ESP32 WiFi Interface and Propeller 2 - possible support and request for community input!

Ken GraceyKen Gracey Posts: 6,816
edited 2020-07-30 - 20:08:04 in Propeller 2
Hello,

It seems that most Propeller 2 products, projects, and applications will include a connection to the internet in some way. Of the early product examples we've seen, each has included the ESP32 - just like we saw in yesterday's Propeller 2 Live Forum - Peter Jakacki Presents P2D2 presentation. Two other product design efforts I'm aware of also include an ESP32 (one in remote environmental sensing, another for machine control).

I imagine many of us have knowledge around both the ESP32 and the P2.

Parallax would like to offer a Spin2 object (and ESP32 firmware) for our customers which is easy to use, reliable, and fully (enough) featured. The internet already has so many examples with ESP32 - a quick look turned up this interesting site Random Nerd Tutorials and others. GitHub is loaded with examples as well from an active community of developers, often around the Arduino. The ESP32 module is a dual-core processor and it runs Arduino firmware, too.

How to proceed with creating a useful interface for the P2 is currently beyond my current level of understanding. @Jeff Martin
has far more knowledge on the subject and @JonnyMac has included this as an important addition to our list of needed objects.

Some of the thoughts I have about it:

Do we really only need a Spin2/PASM object if we can use the Arduino firmware and libraries? It seems that the Arduino ESP32 firmware does what would be commonly needed for the Propeller - except for the "more of it, faster" part to satisfy the P2's many I/Os and high baudrate capability. Could existing firmware be leveraged for our use, or is it already useful?

What uses would the P2 present that are already not provided for by other processors? Many examples I see are fairly simple and very useful: activate an alarm, send an e-mail, turn things on and off. These can be easily achieved with current examples and hardware.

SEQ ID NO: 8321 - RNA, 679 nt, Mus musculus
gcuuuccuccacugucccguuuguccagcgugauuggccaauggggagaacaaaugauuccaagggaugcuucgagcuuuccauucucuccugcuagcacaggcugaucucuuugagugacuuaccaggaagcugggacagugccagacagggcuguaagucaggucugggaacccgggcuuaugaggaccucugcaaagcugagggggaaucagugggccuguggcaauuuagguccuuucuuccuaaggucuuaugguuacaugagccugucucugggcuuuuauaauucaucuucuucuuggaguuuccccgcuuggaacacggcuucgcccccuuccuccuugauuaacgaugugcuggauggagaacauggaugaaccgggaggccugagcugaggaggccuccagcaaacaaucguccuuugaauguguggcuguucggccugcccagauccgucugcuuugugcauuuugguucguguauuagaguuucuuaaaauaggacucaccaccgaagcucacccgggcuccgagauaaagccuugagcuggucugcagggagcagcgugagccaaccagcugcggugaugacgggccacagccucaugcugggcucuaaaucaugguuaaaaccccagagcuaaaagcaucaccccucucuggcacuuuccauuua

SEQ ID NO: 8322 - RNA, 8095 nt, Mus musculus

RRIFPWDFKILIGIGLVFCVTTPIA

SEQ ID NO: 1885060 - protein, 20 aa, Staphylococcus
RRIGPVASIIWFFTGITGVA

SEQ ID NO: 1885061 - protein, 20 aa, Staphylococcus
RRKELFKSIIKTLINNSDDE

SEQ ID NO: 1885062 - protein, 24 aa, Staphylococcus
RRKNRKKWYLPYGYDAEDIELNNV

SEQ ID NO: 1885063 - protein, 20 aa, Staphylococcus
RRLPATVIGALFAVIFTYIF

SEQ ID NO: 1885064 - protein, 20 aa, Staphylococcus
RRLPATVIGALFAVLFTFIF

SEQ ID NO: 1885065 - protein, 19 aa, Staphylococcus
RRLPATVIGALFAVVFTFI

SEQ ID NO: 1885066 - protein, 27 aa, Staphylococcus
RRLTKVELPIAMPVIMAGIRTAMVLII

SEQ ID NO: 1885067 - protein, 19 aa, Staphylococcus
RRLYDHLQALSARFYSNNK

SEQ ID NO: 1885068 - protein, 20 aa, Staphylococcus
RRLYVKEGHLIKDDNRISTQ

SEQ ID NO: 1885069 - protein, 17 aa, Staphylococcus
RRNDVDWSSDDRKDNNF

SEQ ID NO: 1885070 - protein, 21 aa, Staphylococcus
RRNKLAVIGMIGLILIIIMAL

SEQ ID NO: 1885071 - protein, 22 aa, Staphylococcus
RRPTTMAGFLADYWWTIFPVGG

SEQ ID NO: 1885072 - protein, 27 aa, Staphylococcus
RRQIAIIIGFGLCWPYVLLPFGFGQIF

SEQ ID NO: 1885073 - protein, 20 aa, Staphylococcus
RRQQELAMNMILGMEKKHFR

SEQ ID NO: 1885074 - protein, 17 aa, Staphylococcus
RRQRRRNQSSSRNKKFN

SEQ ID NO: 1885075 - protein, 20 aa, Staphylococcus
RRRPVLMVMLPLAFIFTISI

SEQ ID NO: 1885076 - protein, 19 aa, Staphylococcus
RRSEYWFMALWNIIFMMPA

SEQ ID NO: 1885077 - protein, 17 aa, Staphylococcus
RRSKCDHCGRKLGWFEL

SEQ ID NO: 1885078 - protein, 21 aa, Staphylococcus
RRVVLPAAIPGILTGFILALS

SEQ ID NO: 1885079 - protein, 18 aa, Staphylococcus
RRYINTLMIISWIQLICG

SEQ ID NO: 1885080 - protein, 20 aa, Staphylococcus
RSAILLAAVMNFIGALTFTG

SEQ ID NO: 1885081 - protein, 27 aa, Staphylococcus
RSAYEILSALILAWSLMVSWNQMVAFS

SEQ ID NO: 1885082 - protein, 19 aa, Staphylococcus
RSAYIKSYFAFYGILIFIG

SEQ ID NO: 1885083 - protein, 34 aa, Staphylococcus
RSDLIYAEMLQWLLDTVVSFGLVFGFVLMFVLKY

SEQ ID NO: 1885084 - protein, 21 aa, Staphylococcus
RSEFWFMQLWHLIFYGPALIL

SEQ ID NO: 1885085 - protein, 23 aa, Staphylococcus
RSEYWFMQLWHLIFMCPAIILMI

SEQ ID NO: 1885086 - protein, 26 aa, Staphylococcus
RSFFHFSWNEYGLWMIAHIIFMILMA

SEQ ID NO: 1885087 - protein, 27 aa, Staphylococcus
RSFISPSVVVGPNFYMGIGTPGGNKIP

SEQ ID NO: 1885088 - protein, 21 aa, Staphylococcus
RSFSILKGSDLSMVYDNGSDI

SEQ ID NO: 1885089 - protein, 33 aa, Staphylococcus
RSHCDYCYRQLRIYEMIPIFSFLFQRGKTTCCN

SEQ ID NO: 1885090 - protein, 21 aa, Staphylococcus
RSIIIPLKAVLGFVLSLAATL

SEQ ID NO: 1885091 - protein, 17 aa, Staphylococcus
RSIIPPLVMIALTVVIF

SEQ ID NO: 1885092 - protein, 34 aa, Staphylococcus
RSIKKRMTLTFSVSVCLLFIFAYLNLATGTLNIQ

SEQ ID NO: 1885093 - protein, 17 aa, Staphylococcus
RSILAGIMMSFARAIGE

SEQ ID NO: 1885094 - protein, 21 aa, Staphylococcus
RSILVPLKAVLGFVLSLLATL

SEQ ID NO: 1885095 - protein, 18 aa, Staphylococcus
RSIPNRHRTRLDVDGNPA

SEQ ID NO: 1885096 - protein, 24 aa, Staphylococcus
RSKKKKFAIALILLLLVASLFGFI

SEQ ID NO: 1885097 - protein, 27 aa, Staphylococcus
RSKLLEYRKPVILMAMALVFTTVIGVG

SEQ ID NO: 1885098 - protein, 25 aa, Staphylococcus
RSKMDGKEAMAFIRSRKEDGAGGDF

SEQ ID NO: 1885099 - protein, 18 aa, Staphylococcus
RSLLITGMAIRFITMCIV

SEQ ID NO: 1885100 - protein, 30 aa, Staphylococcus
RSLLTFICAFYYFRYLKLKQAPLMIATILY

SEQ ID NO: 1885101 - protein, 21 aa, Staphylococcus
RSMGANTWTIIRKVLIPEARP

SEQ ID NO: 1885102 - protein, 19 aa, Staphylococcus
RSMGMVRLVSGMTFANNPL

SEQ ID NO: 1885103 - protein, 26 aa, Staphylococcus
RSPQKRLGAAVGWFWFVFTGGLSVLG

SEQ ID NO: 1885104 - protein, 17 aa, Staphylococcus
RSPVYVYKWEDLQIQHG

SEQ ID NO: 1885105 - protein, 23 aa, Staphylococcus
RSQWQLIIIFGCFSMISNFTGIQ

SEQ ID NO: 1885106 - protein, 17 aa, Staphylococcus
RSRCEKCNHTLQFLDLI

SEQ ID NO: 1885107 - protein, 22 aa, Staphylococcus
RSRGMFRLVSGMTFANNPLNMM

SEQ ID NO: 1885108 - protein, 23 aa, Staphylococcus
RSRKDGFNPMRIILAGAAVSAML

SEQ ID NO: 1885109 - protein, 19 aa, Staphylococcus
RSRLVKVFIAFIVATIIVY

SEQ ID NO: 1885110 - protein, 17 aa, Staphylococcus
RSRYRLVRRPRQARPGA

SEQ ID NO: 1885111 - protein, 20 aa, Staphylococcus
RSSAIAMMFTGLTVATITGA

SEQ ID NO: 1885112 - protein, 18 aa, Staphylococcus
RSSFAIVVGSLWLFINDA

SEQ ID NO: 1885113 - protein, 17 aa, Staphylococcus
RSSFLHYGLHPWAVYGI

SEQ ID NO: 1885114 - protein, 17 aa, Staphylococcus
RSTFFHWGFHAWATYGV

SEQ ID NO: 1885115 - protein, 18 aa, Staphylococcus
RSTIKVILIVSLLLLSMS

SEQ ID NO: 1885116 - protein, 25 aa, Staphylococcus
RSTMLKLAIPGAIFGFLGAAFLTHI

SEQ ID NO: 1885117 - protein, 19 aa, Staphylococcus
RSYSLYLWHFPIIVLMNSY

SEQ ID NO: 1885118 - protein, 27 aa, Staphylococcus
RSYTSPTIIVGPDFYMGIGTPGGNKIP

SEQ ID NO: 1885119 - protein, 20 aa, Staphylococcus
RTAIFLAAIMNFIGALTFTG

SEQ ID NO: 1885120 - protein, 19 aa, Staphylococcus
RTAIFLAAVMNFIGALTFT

What does the Propeller 2 community need in a ESP32 object? Parallax needs to sell P2 chips to applications that have some potential. If the needs are limited to detecting your dog with RFID and counting doggy-door clicks, this has already been solved. If you're making a product, what are your exact needs?

As mentioned above, we're willing to support an effort but we're not sure that it's actually needed or how we'd define the scope of work to be done. We'd like this to be easy for our customers to use and properly supported.

To move forward, perhaps it makes sense to schedule this topic as a Propeller 2 Live Forum - Early Adopter Series. Or, you can place your thoughts here. How do we move forward with IoT for the P2?

Thanks,

Ken Gracey

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Comments

  • I have taken the ESP8266 WX firmware and ported it to the ESP32 using only Espressif firmware and removed all third party code. 90% of the stuff works with remote code not functioning because of web server differences.

    Github: Parallax-ESP32

    Maybe a better mouse trap can be constructed since this firmware came along.

    Mike
  • My general thought on IoT and the ESP32 is the following:

    Many IoT projects are just going to be able to use a standalone ESP32 and Arduino code. It has a couple ADCs, it has a couple UARTs, and most stock modules expose ten or so pins.